Bacterial therapy attacks tumours from the inside-out
A new strategy of combining specially modified bacteria with microscopic capsules of chemotherapy could destroy tumours from the inside-out, according to new research from the Johns Hopkins University in the US.
The treatment draws on the unique characteristics of a genetically modified bacterium known as Clostridium novyi-NT (C.novy-NT), which enjoys oxygen-starved environments such as the interior of solid tumours.
In experiments on animal models, the bacteria broke down tumours from the inside-out, stopping only when they encountered oxygen-saturated tissues such as those found at the edge of tumours and in the rest of the body's tissue.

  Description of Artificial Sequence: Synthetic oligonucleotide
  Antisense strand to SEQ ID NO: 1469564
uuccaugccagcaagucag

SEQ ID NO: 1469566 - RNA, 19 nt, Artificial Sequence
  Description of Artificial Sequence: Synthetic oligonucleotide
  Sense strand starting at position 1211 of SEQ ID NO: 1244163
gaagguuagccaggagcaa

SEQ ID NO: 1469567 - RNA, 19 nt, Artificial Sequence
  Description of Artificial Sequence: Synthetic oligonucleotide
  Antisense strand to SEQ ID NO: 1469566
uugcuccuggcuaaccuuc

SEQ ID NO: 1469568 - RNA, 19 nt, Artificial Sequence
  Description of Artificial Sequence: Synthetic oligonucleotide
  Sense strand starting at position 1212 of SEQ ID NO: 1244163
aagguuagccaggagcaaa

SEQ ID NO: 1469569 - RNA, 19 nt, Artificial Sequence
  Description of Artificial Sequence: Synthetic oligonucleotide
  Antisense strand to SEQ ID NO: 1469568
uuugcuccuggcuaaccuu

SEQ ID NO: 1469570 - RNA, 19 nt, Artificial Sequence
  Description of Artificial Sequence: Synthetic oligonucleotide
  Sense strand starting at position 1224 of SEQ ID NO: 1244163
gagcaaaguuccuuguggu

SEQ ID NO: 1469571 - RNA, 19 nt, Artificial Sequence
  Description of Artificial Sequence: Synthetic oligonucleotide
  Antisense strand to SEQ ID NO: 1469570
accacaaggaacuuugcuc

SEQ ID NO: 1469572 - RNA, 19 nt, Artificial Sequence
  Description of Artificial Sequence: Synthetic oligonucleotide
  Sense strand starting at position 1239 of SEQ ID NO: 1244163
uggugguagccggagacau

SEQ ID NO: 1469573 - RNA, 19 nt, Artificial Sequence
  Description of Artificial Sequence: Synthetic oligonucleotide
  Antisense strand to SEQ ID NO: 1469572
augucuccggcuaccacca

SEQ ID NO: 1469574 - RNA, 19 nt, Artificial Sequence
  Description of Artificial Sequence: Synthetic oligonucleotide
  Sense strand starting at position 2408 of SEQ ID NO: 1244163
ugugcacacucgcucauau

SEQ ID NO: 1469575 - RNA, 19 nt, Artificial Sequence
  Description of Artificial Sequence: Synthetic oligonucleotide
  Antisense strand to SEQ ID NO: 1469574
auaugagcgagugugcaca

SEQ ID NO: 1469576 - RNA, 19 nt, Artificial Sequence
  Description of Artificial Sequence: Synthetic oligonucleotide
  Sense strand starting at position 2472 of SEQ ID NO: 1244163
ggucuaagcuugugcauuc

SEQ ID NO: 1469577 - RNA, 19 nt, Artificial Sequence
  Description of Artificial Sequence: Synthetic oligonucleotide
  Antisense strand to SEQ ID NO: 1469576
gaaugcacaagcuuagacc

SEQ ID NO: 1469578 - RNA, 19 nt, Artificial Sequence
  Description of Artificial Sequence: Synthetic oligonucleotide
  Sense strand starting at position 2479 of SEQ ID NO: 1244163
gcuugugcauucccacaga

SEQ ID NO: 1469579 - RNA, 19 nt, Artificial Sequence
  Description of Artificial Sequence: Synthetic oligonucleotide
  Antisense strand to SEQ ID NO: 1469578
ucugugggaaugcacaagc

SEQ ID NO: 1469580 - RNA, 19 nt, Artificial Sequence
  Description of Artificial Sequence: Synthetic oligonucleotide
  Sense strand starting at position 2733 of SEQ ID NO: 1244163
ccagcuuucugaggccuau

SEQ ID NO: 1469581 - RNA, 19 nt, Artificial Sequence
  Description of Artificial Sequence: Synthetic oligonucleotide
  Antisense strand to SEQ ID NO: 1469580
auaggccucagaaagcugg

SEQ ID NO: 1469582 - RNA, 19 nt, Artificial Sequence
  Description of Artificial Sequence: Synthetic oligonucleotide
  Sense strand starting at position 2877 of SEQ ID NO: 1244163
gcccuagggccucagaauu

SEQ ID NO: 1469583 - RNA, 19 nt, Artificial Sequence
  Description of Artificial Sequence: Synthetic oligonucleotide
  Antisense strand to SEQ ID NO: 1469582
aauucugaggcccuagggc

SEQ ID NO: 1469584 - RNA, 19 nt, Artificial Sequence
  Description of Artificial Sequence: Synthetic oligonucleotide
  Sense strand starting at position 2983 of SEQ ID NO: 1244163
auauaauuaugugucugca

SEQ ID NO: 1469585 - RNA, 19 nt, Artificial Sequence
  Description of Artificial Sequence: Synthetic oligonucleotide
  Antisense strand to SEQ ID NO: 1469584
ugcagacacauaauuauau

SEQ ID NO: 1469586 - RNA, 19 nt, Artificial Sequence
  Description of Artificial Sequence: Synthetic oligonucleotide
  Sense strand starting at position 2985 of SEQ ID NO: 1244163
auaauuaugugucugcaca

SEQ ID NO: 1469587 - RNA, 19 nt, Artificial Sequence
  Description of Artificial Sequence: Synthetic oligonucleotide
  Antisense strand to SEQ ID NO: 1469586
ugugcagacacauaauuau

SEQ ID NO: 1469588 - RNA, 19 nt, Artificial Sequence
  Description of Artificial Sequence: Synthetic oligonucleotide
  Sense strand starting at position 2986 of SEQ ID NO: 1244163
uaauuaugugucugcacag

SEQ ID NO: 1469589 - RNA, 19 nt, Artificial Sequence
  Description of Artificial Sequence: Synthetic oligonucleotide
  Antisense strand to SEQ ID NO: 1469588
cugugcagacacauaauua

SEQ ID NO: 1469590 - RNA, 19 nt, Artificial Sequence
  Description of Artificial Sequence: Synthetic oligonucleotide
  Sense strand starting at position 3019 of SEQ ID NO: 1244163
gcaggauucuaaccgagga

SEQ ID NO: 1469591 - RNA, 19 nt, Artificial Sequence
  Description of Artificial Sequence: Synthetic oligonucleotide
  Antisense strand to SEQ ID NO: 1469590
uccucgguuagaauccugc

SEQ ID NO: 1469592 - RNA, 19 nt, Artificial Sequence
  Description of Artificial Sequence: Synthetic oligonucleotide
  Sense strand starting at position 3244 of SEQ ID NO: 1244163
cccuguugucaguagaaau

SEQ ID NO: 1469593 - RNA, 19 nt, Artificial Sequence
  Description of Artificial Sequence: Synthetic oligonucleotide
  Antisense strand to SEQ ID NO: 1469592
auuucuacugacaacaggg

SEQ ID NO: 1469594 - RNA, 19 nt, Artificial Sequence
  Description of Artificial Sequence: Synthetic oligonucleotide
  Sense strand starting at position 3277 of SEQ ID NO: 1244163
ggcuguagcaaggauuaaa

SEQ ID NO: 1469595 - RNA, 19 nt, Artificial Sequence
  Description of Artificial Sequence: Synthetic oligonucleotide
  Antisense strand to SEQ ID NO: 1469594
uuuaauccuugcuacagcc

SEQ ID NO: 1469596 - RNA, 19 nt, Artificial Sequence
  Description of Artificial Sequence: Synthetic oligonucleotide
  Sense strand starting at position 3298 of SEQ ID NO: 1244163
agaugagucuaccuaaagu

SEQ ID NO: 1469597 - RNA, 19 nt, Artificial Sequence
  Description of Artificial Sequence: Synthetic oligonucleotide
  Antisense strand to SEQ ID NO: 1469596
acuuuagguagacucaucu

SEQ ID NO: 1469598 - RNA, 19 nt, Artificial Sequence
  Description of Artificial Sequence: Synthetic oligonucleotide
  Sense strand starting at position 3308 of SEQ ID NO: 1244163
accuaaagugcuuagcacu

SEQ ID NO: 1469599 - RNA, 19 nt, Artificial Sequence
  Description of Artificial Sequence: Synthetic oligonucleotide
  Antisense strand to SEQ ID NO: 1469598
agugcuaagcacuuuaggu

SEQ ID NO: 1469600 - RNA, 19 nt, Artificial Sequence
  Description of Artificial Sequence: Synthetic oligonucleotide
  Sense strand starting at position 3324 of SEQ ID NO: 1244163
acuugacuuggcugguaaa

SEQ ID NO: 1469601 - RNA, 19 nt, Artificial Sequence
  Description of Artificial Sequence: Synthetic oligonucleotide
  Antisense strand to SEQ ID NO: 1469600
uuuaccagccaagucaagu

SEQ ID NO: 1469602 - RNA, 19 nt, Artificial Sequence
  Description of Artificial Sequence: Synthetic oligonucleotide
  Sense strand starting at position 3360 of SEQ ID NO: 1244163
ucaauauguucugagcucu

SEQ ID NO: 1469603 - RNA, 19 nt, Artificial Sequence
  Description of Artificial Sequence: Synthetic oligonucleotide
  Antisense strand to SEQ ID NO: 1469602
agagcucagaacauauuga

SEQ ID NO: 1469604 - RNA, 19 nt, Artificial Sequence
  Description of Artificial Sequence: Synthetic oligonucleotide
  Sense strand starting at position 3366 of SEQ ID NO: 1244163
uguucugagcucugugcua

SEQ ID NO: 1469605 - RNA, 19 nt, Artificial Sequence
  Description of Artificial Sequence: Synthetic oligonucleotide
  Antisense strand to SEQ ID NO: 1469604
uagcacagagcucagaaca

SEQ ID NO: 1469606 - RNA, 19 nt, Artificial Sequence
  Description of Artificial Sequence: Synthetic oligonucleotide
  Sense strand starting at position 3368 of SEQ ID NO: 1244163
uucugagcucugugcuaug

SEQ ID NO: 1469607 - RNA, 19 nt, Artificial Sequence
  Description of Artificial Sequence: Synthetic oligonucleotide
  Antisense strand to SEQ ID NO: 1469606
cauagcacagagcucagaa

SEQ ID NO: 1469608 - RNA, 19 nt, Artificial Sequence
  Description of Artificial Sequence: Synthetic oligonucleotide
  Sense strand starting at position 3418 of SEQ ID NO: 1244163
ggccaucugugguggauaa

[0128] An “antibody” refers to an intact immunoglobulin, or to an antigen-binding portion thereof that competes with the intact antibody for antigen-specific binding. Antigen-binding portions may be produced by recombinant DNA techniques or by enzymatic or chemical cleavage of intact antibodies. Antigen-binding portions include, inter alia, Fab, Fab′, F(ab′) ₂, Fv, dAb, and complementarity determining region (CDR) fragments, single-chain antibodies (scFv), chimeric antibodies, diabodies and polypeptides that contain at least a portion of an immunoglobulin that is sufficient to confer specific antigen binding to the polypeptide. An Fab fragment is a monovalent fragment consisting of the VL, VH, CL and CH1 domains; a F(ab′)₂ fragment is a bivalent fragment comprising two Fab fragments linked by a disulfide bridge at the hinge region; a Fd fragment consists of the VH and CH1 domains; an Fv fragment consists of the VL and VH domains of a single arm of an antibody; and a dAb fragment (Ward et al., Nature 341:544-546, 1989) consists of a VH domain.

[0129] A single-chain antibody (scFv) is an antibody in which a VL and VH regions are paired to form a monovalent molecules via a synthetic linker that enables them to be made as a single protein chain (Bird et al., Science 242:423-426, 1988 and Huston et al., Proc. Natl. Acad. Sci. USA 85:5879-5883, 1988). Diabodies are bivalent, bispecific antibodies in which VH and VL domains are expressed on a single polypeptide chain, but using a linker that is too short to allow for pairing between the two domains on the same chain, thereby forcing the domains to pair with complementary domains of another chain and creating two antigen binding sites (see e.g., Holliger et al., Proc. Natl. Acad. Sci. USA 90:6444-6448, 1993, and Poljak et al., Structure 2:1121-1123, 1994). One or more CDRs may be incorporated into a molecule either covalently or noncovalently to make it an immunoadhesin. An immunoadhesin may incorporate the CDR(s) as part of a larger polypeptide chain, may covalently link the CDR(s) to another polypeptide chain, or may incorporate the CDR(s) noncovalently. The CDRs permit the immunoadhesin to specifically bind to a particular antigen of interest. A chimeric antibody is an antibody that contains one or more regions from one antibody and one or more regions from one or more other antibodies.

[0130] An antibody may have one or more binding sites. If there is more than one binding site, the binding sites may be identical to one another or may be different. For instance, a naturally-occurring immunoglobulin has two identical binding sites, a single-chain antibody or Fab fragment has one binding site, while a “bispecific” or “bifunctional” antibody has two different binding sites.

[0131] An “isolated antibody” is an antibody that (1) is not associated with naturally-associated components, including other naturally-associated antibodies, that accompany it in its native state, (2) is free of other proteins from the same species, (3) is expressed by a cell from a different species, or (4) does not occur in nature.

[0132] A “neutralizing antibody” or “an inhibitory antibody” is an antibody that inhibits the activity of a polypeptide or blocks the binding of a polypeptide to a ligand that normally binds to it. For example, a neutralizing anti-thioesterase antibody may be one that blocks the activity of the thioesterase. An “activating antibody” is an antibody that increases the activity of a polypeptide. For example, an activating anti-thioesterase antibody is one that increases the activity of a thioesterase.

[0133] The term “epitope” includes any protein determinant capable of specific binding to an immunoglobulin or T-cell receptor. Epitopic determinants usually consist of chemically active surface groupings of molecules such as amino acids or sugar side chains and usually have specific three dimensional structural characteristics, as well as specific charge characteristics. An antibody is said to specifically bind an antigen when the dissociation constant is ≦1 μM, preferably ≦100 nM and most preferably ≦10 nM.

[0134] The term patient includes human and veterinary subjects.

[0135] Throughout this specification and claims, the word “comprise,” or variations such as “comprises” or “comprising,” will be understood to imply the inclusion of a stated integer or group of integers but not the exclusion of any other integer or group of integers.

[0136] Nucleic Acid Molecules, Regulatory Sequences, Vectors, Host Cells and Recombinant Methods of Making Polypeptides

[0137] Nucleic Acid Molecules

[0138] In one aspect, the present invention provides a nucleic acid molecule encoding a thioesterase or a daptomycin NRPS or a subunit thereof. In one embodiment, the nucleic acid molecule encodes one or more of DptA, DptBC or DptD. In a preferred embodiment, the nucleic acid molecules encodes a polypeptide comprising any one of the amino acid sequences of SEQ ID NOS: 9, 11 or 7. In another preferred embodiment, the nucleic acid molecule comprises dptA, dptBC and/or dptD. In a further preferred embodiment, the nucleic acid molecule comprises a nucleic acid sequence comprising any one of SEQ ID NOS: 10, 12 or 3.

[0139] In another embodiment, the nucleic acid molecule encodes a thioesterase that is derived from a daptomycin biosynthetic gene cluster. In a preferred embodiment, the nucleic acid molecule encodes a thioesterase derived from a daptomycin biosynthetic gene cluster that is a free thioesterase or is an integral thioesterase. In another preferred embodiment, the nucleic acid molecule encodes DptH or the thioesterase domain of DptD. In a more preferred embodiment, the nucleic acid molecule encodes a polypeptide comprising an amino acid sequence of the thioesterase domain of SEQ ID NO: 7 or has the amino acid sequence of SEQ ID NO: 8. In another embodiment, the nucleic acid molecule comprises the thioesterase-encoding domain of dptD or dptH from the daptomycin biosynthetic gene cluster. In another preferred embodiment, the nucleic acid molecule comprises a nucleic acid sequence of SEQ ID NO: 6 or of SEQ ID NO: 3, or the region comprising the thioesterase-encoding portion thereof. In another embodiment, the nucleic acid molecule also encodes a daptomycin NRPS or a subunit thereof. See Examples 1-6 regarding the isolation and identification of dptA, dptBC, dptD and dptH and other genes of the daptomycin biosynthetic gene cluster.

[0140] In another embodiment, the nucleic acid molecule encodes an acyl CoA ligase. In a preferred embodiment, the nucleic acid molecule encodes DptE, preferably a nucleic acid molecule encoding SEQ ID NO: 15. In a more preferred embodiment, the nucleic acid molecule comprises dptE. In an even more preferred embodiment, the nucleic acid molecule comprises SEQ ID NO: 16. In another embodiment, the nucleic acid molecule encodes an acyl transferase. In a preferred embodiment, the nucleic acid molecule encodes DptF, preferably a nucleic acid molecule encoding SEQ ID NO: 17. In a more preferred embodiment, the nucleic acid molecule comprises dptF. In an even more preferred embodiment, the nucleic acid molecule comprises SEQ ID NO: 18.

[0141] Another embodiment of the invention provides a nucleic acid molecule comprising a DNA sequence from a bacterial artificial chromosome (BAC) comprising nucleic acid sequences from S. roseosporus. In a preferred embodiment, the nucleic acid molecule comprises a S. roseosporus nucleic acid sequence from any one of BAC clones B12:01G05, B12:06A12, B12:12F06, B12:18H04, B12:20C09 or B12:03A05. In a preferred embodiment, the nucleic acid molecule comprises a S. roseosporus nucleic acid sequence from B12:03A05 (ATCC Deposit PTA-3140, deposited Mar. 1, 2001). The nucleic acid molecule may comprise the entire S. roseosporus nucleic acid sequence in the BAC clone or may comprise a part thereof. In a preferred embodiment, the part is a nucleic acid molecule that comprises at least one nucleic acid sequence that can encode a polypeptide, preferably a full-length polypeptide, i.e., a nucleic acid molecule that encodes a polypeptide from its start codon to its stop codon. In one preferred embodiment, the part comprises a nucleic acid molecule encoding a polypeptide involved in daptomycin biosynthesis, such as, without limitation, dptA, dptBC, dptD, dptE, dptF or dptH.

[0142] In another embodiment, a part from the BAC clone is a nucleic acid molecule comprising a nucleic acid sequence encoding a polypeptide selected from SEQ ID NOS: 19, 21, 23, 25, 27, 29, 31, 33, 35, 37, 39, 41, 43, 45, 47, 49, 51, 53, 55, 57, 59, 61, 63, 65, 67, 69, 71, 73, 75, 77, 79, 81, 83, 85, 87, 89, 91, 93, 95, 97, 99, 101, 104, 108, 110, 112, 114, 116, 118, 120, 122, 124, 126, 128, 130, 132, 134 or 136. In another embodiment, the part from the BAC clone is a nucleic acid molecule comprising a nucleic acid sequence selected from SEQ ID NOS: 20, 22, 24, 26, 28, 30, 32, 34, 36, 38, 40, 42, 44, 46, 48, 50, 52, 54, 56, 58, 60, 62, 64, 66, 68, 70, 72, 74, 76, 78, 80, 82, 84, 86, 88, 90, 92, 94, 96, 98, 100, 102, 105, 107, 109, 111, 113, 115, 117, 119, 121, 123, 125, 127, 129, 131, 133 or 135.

This left a rim of unharmed cancer cells, which could grow back.
To kill off the cells on the outside of the tumour, the team took advantage of the fact that the bacterium secretes a previously unknown molecule dubbed 'liposomase' - discovered by the same group, that can break down fatty membranes.
The researchers injected mice with both the bacteria and fatty capsules called liposomes, containing a chemotherapy drug.
As the bacteria ate their way out of the tumour, they encountered the drug-containing capsules and broke them down, releasing the drugs into the few remaining cancer cells.
The researchers now plan to investigate the properties of liposomase, as they think it could have number of uses in targeting liposomes to cancers.
The study is published in the Journal Science.